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Inquests Farleys Solicitors LLP

Inquest into the Death of 89 Year Old Woman Identifies a Number of Failings in Her Care at Lancashire Care Home

Mrs O’Connor, 89 years old, had a history of dementia and was a resident at Altham Care Home, Blackburn. She had resided at the home since 2015 and was subject to a Deprivation of Liberty Safeguarding Order. On the morning of 30th December 2017, she managed to abscond from the care home and was last seen by staff at 05:00 hrs. Later that morning, at approximately 07:50 hrs staff did a handover and became aware of her absence and went looking for her. At approximately 09:30 hrs, she was found by a member of staff in the back garden of the care home behind the shed on the ground, wet through and very cold. On arrival of Paramedics, Mrs O’Connor was so cold, that paramedics were unable to detect a temperature and she was hypothermic. She was transferred to the Royal Blackburn Hospital where she sadly died later that morning.

The medical cause of death was recorded as:

1a. Hypothermia
2. Alzheimers disease dementia

An inquest was opened into Mrs O’Connor’s death and took place on 12th August – 14th August 2019 at Preston Coroner’s Court. At the start of the case, legal submissions were made on behalf of Mrs O’Connor’s family that the Coroner ought to hold an Article 2 compliant inquest which would look at the wider circumstances surrounding her death. The Care Home made submissions to the contrary however the Coroner was satisfied that Mrs O’Connor was in state detention at the time of her death and it was noted that her placement at Altham Care Home had been funded by the local authority.

On the basis the Coroner was satisfied that Mrs O’Connor was in state detention at the time of her death, the inquest was heard with a Jury.

The inquest explored the following areas;

  1. How Mrs O’Connor was able to leave the care home and find herself outside the building. The inquest was to explore what route she took and what were the physical barriers in place at the home to prevent her leaving;

  2. Systems, practices and policies in place to supervise residents at the home and where appropriate, to prevent them from leaving the property.

Evidence was heard from a number of witnesses at the inquest who were responsible for Mrs O’Connor’s care at the home. It was accepted that no further checks had been carried out after 05:00hrs as they should have been and it was unclear whether the buzzer that would alert staff to Mrs O’Connor opening her door was working and/or switched on.

Evidence was also heard from the Lead Investigator of the Adult Safeguarding Investigation carried out by Lancashire County Council following Mrs O’Connor’s death. A number of recommendations were made to Altham Care Home following Mrs O’Connor’s death which included recommendations around the automatic front door at the home and the bedroom door sensors. Concern was raised that the front door was opened for a considerable amount of time and posed a possible safety risk. Concern was also raised that the bedroom sensors could be turned on and off each time staff check residents which could lead to a risk of staff not turning them back on.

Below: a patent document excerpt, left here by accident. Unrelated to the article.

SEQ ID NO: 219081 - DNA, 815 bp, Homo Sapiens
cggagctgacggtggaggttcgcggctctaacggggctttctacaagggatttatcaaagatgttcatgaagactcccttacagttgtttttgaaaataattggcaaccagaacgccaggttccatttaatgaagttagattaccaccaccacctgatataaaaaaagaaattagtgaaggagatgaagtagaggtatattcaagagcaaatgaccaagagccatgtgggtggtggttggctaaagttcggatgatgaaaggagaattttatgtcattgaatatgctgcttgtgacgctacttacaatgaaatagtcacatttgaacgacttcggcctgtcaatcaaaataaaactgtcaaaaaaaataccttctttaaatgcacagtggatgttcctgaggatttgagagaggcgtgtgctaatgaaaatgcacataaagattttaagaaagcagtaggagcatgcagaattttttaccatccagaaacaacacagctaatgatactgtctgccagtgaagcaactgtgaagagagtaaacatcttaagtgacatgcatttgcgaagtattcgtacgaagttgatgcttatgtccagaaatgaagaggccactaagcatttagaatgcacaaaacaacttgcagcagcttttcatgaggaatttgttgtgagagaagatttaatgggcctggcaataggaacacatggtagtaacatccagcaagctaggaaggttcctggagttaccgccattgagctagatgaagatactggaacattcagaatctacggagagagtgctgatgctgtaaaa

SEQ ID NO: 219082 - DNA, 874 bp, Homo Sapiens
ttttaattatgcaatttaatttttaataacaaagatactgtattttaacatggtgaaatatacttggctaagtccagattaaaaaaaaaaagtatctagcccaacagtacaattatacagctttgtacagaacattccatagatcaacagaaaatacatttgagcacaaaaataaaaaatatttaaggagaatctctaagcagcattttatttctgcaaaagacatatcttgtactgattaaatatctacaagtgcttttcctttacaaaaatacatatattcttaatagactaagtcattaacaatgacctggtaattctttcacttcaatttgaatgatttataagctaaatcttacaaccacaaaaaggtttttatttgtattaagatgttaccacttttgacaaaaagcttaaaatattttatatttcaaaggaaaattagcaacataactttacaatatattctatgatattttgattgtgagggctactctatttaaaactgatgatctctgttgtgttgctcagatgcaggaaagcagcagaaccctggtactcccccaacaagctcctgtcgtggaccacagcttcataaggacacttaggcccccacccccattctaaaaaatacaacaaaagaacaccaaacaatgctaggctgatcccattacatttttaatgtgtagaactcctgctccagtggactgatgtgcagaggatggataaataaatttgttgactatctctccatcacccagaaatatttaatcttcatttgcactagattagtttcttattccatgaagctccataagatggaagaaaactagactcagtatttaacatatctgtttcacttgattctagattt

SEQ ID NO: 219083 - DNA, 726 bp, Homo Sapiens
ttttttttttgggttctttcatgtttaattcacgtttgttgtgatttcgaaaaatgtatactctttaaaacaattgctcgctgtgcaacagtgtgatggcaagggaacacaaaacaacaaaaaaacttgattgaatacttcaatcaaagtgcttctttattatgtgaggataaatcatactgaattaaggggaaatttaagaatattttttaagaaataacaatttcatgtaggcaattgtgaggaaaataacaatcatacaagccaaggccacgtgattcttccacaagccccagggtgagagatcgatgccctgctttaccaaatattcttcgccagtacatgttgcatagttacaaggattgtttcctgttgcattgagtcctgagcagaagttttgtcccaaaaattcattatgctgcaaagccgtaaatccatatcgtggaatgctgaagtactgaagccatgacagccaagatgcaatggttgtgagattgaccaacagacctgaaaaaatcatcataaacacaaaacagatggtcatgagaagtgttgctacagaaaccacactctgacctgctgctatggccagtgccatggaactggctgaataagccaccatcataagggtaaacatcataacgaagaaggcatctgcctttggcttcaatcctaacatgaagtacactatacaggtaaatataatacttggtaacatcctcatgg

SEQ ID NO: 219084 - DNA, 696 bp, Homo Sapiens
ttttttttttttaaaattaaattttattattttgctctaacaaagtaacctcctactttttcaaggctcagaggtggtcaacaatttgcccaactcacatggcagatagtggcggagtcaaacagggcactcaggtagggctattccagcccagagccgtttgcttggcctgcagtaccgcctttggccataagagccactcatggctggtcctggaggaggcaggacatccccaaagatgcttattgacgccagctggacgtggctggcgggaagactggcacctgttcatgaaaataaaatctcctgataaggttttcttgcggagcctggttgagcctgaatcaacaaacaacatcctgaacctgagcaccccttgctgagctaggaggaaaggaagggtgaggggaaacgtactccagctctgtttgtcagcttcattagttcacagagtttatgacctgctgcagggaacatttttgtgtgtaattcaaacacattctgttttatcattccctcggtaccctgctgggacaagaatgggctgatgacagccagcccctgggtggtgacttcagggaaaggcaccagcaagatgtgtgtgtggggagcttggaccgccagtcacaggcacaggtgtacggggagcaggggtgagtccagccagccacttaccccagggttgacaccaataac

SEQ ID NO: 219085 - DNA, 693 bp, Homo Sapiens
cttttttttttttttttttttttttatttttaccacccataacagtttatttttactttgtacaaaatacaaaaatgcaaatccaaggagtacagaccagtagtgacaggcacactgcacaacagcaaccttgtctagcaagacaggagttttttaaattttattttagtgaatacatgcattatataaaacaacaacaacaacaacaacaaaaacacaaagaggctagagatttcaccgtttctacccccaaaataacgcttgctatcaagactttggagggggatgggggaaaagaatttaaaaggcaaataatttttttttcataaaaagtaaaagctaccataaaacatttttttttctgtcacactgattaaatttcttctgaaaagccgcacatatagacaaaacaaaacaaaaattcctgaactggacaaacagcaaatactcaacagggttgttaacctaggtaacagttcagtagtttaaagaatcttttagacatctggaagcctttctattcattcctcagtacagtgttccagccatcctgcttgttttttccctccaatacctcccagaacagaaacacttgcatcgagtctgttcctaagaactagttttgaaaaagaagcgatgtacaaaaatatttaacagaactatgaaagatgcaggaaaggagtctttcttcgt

The Jury returned a conclusion of Misadventure and in answering how, when and where she came by her death recorded the following;

  • Security procedures were in place but were inadequately followed

  • Staff sickness procedures were incorrectly followed leading to reduced staff for the night shift;

  • Inadequate training of whereabouts procedure led to confusion over checking requirements;

  • Reduced staffing level contributed to unsatisfactory levels of whereabouts checking;

  • Inaccurate and inadequate record keeping contributed to insufficient information on handover;

  • Failure to follow security procedures led to the room buzzer being disabled;

  • Failure to follow security procedures led to the front door being unsecured.

They further recorded that after 05:00 hrs on the morning Mrs O’Connor absconded that:-

“Mrs O’Connor was able to leave her room undetected and roam the home. She found the front door unsecured and exited the home. Finding herself outside she followed a path until it was blocked by a container. She remained there until she lost consciousness. She then succumbed to the cold. She was taken by ambulance to the Royal Blackburn Hospital where she passed away.”

The family of Mrs O’Connor said;

The Inquest conclusion reached by the Jury was much more than we hoped to achieve. We are very grateful to the inquest team at Farleys for securing funding, arranging representation and all their hard work both before, and during the Inquest.

Kelly Darlington, Solicitor for the family said;

This is an extremely tragic case where an elderly and very vulnerable lady suffering from dementia was able to abscond from what was meant to be a place of safety. Had procedures been followed and staff been more vigilant the outcome could have been very different.”

The Family were represented by Kelly Darlington and David Corrigan of Farleys Solicitors LLP and Simon Murray of St John’s Buildings.

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